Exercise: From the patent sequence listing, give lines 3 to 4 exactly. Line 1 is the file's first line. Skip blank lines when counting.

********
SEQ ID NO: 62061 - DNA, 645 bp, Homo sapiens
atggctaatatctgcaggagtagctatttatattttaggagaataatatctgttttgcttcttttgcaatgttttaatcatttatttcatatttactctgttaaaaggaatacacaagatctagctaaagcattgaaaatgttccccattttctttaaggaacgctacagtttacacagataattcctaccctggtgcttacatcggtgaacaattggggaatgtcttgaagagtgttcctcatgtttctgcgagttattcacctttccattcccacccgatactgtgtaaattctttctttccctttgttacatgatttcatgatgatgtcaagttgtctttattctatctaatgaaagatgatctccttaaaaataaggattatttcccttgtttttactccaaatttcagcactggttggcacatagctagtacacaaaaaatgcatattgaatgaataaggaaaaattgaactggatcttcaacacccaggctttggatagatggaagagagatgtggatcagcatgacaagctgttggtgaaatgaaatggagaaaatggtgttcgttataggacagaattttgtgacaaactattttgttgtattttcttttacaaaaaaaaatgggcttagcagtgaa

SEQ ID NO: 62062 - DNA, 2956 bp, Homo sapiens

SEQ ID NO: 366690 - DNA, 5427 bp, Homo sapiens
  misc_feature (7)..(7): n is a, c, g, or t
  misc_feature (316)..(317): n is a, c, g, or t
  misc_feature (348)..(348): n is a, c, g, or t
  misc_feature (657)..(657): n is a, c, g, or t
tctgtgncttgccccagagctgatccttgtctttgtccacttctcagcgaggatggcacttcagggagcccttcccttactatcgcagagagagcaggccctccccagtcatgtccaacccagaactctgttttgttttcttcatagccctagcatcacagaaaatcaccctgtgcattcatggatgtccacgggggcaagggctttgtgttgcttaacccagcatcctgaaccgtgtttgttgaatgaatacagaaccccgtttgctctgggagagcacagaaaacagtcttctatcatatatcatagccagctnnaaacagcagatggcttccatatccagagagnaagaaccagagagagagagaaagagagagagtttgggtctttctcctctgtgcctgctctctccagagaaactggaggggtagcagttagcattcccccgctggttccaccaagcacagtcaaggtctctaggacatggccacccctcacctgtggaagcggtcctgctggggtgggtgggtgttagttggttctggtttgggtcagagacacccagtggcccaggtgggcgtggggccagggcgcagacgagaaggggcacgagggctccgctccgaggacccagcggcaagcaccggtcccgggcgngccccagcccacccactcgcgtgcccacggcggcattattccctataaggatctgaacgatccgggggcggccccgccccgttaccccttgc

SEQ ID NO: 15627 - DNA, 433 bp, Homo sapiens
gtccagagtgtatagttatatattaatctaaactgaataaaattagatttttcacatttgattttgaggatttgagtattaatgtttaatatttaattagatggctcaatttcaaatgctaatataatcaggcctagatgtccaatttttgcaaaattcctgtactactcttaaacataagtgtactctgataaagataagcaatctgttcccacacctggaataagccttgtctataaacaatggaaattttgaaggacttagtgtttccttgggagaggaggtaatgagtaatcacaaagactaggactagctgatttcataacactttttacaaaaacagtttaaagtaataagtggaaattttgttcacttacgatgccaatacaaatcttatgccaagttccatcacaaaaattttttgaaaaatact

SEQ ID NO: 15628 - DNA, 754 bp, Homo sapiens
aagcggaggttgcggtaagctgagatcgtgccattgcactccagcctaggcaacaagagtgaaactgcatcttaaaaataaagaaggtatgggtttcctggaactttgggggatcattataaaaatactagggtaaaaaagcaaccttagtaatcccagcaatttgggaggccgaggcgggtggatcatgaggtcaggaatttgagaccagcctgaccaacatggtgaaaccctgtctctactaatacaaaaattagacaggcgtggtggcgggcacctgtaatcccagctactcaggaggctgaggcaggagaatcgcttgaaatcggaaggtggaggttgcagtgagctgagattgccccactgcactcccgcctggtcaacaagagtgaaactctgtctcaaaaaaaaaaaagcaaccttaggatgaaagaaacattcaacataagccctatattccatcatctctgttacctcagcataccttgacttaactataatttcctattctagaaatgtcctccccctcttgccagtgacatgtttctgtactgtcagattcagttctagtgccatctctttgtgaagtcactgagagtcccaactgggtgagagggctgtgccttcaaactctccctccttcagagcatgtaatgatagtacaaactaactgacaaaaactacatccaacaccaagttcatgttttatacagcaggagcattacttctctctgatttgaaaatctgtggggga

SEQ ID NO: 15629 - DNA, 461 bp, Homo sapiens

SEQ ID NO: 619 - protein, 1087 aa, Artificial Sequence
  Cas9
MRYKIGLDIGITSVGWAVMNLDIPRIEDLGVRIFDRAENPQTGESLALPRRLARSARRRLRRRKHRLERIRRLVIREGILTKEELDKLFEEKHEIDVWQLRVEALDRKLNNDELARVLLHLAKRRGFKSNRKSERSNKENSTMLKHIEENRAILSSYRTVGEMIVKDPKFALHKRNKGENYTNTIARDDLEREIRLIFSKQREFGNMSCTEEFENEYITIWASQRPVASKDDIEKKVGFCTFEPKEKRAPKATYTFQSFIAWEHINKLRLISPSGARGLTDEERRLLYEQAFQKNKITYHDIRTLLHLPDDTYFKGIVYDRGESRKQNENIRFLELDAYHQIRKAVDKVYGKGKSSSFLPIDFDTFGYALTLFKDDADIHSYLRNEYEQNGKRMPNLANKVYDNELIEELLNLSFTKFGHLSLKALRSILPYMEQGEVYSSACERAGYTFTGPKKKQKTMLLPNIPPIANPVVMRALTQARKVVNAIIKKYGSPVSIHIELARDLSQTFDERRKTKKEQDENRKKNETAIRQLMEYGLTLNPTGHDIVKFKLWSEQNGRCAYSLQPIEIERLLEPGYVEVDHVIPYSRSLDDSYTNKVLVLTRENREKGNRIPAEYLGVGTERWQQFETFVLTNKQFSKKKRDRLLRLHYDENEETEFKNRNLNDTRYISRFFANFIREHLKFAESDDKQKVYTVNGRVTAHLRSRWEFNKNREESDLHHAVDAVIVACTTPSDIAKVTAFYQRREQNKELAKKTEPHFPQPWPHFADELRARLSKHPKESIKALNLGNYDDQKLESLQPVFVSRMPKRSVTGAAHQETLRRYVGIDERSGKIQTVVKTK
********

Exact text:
SEQ ID NO: 62062 - DNA, 2956 bp, Homo sapiens

SEQ ID NO: 366690 - DNA, 5427 bp, Homo sapiens